The Direct to Video Connoisseur
I'm a huge fan of action, horror, sci-fi, and comedy, especially of the Direct to Video variety. In this blog I review some of my favorites and not so favorites, and encourage people to comment and add to the discussion. If you click on an image, it will take you to that post's image page, which includes many more pics from the film and other goodies I couldn't fit in the actual review. For announcements and updates, don't forget to Follow us on Twitter and Like our Facebook page. If you're the director, producer, distributor, etc. of a low-budget feature length film and you'd like to send me a copy to review, you can contact me at dtvconnoisseur[at]yahoo.com. I'd love to check out what you got.
Monday, July 5, 2010
Hostage aka Colt: Flight 802 (1987)
It's been a while since we'd had any Wings Hauser here at the DTVC, the last being January's Cold Fire, so when Ty at Comeuppancereviews.com stopped by and mentioned this gem, I knew I needed to make it happen.
Hostage has Wings as a former special forces guy living in Africa, I guess dating the chick who's the daughter of a rich businessman, played by the guy that ran the bad TV station on UHF. When her son gets sick and needs to fly to the States for an emergency kidney transplant (I know, what?), she and the boy have the misfortune of taking a plane hijacked by Arab terrorists. Because these black people don't know what they're doing, and these Arabs are a bunch of savages that have no regard for human life, it's up to Wings to rescue them-- which he does by hosing the cabin down with machine gun fire, killing half of the hostages at the same time.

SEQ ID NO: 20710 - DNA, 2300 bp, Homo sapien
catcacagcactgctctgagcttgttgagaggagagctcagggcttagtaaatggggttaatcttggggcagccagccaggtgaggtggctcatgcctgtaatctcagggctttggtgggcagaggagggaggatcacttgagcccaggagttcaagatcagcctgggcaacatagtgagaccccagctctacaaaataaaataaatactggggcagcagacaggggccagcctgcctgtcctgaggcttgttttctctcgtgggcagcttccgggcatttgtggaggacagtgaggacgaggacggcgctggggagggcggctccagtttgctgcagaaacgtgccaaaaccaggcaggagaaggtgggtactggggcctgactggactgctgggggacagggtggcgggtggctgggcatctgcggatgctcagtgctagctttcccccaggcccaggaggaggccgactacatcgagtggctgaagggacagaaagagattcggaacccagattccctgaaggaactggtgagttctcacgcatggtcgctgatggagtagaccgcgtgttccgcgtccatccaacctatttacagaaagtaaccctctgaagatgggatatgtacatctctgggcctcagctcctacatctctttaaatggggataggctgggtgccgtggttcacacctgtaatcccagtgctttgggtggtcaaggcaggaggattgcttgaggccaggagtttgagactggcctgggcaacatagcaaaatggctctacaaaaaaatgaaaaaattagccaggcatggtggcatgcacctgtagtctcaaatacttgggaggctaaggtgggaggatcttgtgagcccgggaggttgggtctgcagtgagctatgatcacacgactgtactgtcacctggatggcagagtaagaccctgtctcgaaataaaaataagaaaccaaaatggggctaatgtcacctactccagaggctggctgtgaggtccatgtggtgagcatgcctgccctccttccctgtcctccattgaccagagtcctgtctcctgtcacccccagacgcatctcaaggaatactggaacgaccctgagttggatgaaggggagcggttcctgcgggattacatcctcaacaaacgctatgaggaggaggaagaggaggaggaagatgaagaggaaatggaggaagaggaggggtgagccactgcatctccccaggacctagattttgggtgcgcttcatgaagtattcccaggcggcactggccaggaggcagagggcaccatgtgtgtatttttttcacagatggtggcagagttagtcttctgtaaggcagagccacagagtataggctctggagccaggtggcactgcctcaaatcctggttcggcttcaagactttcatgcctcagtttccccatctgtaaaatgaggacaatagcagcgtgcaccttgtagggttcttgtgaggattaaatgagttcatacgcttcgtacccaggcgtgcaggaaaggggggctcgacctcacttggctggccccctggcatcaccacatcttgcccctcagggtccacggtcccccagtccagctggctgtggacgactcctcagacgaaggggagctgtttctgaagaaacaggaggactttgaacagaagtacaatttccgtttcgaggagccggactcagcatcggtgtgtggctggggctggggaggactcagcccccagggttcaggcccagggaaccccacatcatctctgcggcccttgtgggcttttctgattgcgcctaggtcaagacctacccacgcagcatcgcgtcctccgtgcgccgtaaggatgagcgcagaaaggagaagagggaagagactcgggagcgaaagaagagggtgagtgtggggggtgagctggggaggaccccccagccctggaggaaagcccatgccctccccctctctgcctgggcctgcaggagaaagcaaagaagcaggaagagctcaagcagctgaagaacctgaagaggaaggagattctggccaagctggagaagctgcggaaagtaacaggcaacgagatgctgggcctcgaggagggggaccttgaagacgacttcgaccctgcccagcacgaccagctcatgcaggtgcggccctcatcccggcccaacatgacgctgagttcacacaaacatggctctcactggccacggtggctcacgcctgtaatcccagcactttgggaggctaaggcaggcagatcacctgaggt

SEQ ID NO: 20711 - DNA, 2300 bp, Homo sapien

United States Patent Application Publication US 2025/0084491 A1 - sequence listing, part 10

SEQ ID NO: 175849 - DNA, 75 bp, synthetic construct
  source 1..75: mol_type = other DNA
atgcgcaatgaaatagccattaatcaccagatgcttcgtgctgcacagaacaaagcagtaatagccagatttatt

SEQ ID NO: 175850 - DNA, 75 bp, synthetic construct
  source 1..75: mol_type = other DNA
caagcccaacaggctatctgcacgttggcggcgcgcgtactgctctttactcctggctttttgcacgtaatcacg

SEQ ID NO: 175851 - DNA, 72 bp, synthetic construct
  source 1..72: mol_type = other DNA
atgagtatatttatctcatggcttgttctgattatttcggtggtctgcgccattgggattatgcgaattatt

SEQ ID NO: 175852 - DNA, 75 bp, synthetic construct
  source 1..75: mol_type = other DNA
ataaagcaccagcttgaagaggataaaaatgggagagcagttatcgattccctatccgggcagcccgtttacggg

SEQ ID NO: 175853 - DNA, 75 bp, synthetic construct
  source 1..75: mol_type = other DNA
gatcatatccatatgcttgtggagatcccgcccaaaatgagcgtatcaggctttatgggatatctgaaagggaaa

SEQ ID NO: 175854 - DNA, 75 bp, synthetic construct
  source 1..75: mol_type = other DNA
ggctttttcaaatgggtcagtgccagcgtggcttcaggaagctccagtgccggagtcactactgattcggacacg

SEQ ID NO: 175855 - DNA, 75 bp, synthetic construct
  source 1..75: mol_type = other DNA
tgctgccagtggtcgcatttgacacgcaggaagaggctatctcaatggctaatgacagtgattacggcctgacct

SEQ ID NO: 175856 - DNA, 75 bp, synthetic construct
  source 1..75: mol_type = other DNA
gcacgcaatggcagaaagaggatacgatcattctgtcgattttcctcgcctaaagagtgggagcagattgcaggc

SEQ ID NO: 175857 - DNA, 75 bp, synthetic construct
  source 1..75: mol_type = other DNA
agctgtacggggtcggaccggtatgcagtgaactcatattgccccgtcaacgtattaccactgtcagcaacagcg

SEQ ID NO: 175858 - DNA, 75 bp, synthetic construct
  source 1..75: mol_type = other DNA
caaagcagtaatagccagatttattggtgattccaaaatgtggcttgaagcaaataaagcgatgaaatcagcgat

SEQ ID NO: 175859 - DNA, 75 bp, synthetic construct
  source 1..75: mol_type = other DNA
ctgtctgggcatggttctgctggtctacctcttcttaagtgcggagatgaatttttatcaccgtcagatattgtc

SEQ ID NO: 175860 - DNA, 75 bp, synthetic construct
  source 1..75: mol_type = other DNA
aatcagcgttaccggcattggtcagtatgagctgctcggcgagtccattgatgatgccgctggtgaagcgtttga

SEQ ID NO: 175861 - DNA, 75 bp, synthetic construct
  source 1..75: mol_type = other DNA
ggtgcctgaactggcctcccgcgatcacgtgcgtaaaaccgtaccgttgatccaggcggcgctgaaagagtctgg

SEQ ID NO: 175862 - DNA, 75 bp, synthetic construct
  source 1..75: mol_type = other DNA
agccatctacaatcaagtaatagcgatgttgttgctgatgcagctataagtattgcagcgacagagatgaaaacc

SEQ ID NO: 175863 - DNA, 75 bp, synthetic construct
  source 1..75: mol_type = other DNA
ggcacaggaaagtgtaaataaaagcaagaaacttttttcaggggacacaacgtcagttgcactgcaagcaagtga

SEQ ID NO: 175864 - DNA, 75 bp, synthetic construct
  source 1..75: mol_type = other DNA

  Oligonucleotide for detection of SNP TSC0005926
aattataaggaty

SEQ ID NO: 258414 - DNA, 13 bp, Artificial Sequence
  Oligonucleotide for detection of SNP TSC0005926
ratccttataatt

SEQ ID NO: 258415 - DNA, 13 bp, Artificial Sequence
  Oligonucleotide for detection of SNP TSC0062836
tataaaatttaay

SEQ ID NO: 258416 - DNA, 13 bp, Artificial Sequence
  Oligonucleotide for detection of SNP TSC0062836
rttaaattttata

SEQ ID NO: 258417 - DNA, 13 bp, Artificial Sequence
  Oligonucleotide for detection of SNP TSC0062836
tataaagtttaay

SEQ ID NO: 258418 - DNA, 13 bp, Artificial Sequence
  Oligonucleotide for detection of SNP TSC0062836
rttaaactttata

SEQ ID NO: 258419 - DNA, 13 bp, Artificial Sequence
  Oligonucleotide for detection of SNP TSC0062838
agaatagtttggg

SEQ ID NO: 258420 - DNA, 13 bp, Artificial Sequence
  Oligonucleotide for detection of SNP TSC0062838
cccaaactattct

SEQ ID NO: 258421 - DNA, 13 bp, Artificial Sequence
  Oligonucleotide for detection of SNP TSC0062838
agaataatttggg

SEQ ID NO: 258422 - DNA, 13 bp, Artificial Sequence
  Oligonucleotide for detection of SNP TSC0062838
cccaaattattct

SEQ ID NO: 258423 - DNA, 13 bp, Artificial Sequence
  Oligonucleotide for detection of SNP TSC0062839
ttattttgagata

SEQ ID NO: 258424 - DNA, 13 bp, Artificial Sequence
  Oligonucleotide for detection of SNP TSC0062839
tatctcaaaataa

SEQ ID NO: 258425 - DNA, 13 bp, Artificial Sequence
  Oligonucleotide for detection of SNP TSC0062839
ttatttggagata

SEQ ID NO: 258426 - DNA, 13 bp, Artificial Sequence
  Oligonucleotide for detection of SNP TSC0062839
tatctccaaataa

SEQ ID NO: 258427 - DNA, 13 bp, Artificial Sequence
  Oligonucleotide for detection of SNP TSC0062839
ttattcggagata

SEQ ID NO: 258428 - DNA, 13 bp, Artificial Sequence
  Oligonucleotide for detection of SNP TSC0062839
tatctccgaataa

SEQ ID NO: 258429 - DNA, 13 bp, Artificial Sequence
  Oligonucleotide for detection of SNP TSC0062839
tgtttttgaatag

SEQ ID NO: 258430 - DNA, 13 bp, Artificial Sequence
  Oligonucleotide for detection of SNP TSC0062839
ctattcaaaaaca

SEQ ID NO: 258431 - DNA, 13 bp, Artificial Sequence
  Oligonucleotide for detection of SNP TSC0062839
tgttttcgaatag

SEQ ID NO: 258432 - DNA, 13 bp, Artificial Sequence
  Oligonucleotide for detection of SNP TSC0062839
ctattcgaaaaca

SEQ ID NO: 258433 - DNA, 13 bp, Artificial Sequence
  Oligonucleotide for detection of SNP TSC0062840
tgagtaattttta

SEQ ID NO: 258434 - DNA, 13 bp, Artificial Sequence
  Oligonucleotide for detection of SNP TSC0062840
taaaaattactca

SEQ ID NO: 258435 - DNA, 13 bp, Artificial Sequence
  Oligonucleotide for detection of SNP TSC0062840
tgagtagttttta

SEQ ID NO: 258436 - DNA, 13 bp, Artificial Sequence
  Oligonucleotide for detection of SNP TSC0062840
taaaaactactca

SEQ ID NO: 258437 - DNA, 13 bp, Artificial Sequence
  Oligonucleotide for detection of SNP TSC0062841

This movie has two ways to go. First, it takes that ridiculous Tea Bagger political stance that the world would be a much better place if everyone just listened to rich white men, and all the world's problems come from liberals and women and "colored" people trying to go it alone. The reality is, much of the world's problems come from the time when people only listened to rich white men, because no one else had the power to contradict them, and right now we're trying our best to repair all the damage they've done. That's not how this movie sees it. Arabs shouldn't be allowed to fly planes, and it's only because those liberals and their equal rights for all that let Arabs on planes so they can go on and hijacked them. And don't get them started on those Africans and their military. They couldn't fight their way out of a wet paper bag. Just get out of the way and let Wings and the Americans step in and show you how the real men do it.